このページは http://www.slideshare.net/SessionsEvents/jeff-johnson-research-engineer-facebook-at-mlconf-nyc の内容を掲載しています。

掲載を希望されないスライド著者の方は、こちらよりご連絡下さい。

byMLconf

1年以上前 (2015/03/27)にアップロードinテクノロジー

Hacking GPUs for Deep Learning: GPUs have revolutionized machine learning in recent years, and ha...

Hacking GPUs for Deep Learning: GPUs have revolutionized machine learning in recent years, and have made both massive and deep multi-layer neural networks feasible. However, misunderstandings on why they seem to be winning persist. Many of deep learning’s workloads are in fact “too small” for GPUs, and require significantly different approaches to take full advantage of their power. There are many differences between traditional high-performance computing workloads, long the domain of GPUs, and those used in deep learning. This talk will cover these issues by looking into various quirks of GPUs, how they are exploited (or not) in current model architectures, and how Facebook AI Research is approaching deep learning programming through our recent work.

- Hacking GPUs for Deep Learning

MLConf New York

Jeff Johnson

Facebook AI Research

jhj@fb.com - Deep (convolutional) Neural Networks

Revolution in machine learning

Convolution: since 1980s. Deep: flops since

2000s

Avoid feature engineering

▪

With enough data, let network discover feature

representations

▪

Can work even for NLP. No word segmentation,

use raw character data. - 2D Convolutional Nets (images)

LeCun, Bottou,

Bengio and Haffner,

1998

Krizhevsky,

Sutskever and

Hinton, 2012 - 2D Convolutional Nets

Network architecture

ImageNet 1000 class top-5

error

AlexNet

~15%

OverFeat

~13%

ZeilerNet

~11%

Oxford-VGG

~7%

GoogLeNet

~6%, ~4.5%

PReLU (MSR)

~4.9%

Human performance

3-5%

Progress towards smaller kernels and deeper

nets - 3D Convolutional Nets (videos)

C3D (Tran et al., 2014)

DeepVideo (Karpathy et al., 2014) - 1D Convolutional Nets (text, sequences)

Zhang and LeCun, 2015

Collobert et al., 2011 - RNNs and LSTMs (text, sequences)

Mikolov, 2014

Graves, Mohamed and Hinton, 2013 - Deep Neural Networks

Supervised learning. Unsupervised ???

Train with back-propagation/SGD variants

Strong scaling is unsolved

▪

Distributed parameter space exploration (e.g.,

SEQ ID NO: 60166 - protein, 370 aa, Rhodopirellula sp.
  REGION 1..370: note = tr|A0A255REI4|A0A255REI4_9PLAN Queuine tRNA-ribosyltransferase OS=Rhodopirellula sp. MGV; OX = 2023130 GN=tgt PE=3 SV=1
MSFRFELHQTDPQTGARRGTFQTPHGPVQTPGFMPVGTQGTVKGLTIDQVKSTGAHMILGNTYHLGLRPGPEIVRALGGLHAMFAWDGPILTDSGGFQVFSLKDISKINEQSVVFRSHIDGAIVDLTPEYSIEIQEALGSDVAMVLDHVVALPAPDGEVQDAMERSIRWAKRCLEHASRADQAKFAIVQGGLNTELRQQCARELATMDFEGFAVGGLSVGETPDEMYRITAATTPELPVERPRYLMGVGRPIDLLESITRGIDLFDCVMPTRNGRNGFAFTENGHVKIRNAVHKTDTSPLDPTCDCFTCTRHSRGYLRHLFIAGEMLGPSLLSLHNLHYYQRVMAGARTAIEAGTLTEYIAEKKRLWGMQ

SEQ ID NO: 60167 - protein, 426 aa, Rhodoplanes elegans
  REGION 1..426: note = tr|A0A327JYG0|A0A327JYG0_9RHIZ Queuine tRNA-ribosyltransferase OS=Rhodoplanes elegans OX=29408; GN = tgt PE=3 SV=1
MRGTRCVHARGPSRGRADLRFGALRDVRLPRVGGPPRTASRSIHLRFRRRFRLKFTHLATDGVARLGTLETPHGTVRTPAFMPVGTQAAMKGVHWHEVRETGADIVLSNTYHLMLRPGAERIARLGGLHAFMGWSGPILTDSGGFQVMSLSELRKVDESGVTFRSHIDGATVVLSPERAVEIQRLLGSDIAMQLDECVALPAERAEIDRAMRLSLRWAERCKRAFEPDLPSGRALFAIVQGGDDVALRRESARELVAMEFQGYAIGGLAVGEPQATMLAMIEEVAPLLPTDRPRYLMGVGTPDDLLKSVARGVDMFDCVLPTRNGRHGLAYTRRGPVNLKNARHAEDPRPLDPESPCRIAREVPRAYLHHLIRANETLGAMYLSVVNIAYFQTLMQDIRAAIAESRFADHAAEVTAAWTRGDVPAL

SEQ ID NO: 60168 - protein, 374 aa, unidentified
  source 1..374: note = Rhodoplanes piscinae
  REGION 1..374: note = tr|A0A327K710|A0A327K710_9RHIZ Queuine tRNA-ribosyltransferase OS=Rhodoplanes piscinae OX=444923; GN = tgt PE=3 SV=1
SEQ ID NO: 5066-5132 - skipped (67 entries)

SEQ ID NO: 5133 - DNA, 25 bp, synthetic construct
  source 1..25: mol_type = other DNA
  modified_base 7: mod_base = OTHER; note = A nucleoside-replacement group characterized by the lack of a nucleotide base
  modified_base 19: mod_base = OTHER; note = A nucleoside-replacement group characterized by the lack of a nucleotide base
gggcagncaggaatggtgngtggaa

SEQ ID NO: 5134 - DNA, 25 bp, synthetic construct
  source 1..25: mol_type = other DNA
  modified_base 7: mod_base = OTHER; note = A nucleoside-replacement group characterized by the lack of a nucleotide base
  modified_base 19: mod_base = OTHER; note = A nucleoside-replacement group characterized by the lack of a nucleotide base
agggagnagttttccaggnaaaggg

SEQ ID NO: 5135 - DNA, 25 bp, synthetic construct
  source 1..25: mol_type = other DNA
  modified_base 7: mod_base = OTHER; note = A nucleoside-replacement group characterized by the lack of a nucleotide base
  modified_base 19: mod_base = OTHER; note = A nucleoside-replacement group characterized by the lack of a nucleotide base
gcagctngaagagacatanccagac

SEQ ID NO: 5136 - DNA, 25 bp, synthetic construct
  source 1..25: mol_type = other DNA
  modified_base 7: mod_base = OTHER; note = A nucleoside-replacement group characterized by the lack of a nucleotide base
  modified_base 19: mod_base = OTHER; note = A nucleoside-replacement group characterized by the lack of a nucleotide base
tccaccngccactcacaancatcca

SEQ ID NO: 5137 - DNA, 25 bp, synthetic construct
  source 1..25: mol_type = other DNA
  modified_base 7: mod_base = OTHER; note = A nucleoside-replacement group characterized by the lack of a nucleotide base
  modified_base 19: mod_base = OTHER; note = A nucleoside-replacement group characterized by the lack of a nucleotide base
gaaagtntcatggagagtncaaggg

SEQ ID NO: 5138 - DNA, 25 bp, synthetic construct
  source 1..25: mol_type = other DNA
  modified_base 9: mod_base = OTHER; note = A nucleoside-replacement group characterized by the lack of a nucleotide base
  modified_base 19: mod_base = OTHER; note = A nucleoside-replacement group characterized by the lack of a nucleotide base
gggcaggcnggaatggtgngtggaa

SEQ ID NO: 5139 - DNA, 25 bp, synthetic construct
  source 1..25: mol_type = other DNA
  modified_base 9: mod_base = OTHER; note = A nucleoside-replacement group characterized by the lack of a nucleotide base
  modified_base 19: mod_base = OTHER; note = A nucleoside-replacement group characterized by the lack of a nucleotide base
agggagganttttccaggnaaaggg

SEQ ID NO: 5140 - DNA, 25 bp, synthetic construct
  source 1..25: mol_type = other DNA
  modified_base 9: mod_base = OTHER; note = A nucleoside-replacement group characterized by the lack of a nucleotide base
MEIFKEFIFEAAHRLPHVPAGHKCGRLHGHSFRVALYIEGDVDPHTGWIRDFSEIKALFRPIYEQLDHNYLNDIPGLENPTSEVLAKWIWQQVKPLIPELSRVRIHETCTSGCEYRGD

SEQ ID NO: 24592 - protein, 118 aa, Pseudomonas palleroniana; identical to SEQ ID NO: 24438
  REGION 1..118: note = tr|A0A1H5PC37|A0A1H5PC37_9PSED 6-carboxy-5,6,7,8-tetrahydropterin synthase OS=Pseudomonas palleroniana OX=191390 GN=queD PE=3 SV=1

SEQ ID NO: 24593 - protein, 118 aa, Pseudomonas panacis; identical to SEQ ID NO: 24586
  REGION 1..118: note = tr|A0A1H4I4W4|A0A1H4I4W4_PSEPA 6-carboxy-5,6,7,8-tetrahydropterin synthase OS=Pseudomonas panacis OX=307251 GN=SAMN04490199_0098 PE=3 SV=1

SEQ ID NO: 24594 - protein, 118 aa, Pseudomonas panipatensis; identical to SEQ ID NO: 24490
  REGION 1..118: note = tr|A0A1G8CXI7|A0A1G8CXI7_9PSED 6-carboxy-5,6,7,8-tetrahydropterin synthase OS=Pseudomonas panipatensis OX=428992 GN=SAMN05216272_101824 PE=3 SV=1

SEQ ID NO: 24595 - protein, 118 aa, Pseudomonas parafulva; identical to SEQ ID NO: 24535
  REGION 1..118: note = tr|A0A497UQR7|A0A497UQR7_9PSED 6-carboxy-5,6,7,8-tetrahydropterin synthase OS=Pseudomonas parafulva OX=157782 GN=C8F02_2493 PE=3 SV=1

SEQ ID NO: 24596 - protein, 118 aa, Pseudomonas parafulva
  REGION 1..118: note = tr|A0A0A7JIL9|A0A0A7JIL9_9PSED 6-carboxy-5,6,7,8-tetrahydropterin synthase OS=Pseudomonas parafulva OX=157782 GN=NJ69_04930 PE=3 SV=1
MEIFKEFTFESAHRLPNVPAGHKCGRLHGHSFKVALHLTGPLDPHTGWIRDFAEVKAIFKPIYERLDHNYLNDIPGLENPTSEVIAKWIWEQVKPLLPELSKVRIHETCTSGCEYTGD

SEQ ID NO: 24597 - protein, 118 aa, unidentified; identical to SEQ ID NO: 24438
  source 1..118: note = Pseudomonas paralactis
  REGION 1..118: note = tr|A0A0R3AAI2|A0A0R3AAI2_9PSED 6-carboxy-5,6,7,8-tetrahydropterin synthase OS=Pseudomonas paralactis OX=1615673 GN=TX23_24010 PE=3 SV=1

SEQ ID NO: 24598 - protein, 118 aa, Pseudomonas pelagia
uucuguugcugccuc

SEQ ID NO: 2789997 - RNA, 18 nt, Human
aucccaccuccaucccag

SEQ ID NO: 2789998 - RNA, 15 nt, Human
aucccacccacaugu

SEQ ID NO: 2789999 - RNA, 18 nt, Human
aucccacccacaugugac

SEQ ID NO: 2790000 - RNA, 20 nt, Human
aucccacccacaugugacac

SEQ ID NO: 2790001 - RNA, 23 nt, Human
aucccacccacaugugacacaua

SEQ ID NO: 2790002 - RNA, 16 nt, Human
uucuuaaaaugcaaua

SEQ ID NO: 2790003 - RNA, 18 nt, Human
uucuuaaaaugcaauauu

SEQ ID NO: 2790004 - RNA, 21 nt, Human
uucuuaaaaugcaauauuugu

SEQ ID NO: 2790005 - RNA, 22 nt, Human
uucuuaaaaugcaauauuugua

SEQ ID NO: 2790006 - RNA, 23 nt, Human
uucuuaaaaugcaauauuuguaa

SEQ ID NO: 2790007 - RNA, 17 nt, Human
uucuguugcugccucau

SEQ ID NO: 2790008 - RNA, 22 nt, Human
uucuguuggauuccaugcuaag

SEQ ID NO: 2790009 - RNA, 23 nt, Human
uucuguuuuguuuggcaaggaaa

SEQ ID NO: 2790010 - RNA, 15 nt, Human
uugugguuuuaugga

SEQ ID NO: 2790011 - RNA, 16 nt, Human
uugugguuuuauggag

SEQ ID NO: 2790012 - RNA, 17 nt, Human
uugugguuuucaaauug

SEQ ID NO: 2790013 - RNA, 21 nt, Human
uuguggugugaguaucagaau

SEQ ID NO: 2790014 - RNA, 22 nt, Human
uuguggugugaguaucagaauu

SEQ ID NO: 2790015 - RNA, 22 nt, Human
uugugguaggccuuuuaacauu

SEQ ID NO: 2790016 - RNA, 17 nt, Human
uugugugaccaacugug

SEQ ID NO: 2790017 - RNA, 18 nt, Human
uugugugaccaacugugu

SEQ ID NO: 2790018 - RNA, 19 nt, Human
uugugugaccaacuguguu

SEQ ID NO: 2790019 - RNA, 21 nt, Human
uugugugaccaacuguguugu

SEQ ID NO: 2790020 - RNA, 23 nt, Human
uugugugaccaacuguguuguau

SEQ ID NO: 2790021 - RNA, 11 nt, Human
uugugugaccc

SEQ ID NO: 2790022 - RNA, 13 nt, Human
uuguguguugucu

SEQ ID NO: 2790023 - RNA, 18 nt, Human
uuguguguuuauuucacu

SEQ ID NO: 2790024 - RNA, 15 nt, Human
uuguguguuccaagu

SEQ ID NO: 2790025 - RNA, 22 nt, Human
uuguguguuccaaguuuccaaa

Hogwild!; Niu et al. 2011)

▪

Distributed hyperparameter space exploration

(e.g., Bayesian optimization; Snoek et al. 2012) - Characteristics
- Deep nets are flop eaters

Convolutions are expensive

Pointwise calcuations (log/exp, ReLU, */+, ...)

Neighborhood reductions (pooling, convolution)

Scaling network parameters

increased learning capacity; overfitting

more training data (real or synthetic),

regularization required - Deep nets are bandwidth eaters

More parameters = more memory, data to

exchange

Barrier to cross-machine parallelism

▪ periodic exchanges, compression, quantization

Increase reuse of memory while local?

▪ interspersed reductions are resistant to fusion of

computations

▪ generalized programming language problem - Deep nets are latency sensitive

Serial dependency of training

fprop => bprop => fprop => ...

Serial dependency of multi-layer networks

layer 1 => layer 2 => layer 3 => ...

Multiple path dependent networks (RNNs, multi-

layer LSTMs) - Deep nets are also small?

Deeper = smaller feature planes, more of them

input Rm => expand to Rn => non-lin => reduce to

Rk

Problems are tiny in HPC terms

4096×4096 FFT, FE/PDE on massive grids, ...

NLP tasks can be sparse

Setup/kernel launch latency on GPU can

dominate compute - The tools
- Vector processors

SIMD: Single Instruction,

Multiple Data

Serial processor with ability

to operate on more than one

piece of data concurrently

Cray-1 (1976) - Vector processors

Hard to use: instructions only operate on 4, 8,

16, ... pieces of data at a time.

Boundary/alignment effects. Great if your vectors

are large, but...

float* a = ...; // is this aligned (a % 1 6 = = 0 )?

float* b = ...; // is this aligned (b % 1 6 = = 0 )?

for (i = 0 ; i < 1 8 ; + + i) { // how to hand le [1 6 , 1 7 ]?

b [i] + = a[i]; // SIM D this?!? m asking/loop ep ilogue

} - “Vector cores”?

SIMD variant: NVIDIA calls

“SIMT”

Lots of simple cores (CM)

CM-1 (1983)

Hide latency through many

threads + switching (Tera)

“Pixel/vertex shaders” in 2000s

GPUs => GPGPU

Tera MTA (1995) - GPU versus CPU

GPUs represent a different form of vector